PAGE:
After finding how much does Priority Pass cost, some people will not be interested. Paying for a membership and then having to pay again to access the lounges is a steep price to pay. However, I still think there’s a lot of value here.

The Standard Plus membership is great if you’re a frequent traveller. Remember, lounge access is meant to make you comfortable before your journey. I have purposely shown up at the airport early just so I can grab a bite to eat and get some work done at the lounge. Sure I may have been able to eat for less in the general waiting area, but I find lounges to be quite relaxing.

Here’s one hack that makes Priority Pass worthwhile. Sign up for a credit card such as the American Express Platinum Canada card (referral link) that gives you the Prestige membership. The reason you want to do this is because the American Express Platinum card includes one free guest per visit with your membership. Even though the card comes with an annual fee of $699 ($499 after the travel credit hack), it’s worth it due to the Priority Pass membership alone.

Final word

Despite the fact that every lounge is different, my Priority Pass review is positive. For some people, the cost may be too much, but I think it’s worth it due to the overall experience. Your journey starts as soon as you arrive at the airport, you should make the best out of every minute which is why lounge access is great.

By |2018-09-17T21:02:20+00:00November 30th, 2017|Credit cards, Travel, Travel news|


  1. Christina W December 2, 2017 at 9:50 pm - Reply

    The Priority Pass has been an absolute godsend this year while traveling – for wifi, food and lounging during delays. The only place we’ve been that hasn’t had any amenity was KEF in Iceland. Some lounges in Europe also have an inbound lounge so you can shower, eat, rest up after an overnight flight. If you find yourself in SFO, highly reco the Centurion lounge.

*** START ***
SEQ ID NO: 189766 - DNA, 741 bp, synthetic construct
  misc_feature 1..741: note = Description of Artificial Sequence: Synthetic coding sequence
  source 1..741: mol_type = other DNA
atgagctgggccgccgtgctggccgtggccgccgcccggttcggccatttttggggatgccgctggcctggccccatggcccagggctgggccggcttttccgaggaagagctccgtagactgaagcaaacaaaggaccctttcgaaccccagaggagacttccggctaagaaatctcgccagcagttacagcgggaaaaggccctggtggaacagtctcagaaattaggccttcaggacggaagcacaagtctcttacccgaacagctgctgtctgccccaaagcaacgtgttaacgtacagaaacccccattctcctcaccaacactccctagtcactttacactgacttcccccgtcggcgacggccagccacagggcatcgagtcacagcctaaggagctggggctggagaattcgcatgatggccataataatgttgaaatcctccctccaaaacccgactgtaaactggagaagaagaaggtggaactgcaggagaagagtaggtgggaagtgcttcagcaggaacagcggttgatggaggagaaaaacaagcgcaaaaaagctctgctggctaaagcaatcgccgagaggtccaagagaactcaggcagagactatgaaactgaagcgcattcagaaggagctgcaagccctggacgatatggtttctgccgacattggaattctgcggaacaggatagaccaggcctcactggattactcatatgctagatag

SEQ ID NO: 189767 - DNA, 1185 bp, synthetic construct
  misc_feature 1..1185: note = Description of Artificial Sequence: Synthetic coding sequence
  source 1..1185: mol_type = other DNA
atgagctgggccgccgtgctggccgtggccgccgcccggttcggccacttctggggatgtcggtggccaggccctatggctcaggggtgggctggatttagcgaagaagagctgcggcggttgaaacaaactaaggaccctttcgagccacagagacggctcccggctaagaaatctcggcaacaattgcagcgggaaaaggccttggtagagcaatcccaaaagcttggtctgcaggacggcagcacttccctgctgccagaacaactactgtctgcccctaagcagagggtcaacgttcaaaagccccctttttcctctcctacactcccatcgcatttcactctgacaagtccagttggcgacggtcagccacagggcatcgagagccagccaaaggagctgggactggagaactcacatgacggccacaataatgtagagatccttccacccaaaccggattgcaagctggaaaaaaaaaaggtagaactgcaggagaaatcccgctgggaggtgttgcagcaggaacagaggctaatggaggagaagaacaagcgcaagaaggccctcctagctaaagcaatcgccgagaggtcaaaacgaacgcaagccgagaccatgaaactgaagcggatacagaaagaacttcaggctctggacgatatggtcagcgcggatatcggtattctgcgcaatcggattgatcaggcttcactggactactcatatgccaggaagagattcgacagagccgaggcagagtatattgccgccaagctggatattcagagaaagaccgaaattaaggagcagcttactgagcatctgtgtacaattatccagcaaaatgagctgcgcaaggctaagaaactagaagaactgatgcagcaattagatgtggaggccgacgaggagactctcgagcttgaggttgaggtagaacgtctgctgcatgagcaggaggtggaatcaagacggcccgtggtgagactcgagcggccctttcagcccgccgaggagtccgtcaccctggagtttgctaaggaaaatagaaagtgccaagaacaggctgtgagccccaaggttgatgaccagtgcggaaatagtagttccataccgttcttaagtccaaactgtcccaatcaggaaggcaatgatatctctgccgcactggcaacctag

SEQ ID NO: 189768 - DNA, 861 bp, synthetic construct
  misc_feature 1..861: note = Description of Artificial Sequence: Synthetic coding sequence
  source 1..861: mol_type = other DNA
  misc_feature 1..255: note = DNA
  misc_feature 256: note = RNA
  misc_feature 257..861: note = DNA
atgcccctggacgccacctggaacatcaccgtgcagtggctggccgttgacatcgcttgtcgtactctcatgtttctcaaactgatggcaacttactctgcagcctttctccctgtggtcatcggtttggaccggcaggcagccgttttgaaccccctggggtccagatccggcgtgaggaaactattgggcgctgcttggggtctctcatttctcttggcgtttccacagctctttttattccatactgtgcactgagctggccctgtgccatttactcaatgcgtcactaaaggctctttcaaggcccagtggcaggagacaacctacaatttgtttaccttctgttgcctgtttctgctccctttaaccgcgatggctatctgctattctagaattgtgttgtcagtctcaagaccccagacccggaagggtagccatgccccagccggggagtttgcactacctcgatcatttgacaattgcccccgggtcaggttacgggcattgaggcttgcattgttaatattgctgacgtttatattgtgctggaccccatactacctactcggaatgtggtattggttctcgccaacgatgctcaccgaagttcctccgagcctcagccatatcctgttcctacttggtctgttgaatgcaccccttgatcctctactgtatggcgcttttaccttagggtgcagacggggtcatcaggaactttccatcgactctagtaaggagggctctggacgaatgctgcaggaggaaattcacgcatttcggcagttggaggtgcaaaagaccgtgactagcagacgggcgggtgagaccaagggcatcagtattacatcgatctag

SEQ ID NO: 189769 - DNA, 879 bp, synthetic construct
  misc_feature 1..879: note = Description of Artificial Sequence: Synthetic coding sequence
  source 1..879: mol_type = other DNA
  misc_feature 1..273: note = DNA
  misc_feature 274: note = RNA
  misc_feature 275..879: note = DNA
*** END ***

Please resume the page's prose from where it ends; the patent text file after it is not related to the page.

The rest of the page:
2. Raul January 29, 2018 at 5:04 pm - Reply

    I;m not agree with this positive review. I also accepted a new credit card because they offered me Priority Pass as a great perk. I’m a very frequent traveler and I know the benefits to wait in the VIP longes when travels leave me exhausted.

    The issue with Priority Pass is that in many airports, they have the service blocked out for Priority Pass users during the rush hours, when most of the flight departures happen.
    As an example, let’s say you reach to the airport at 5 pm and your flight will be at 8 pm…. you go the the Priority Pass lounge, and they just say: “From 4 to 8 pm, the lounge is closed for Priority Pass users. Only for Airline Business or First class passengers”

    So NO LOUNGE !! Priority Pass some times is totally useless. This happened to me at least 5 times the last year, in different airports. I would NOT recommend Priority Pass at all, is a trap.

  3. The other Barry February 19, 2018 at 5:36 pm - Reply

    We have this through wealth simple but haven’t activated jf yet. Not sure if paying $54 USD is worth it for a travelling couple but I can see the value when our flight is delayed or you have a serious layover (which we try to avoid)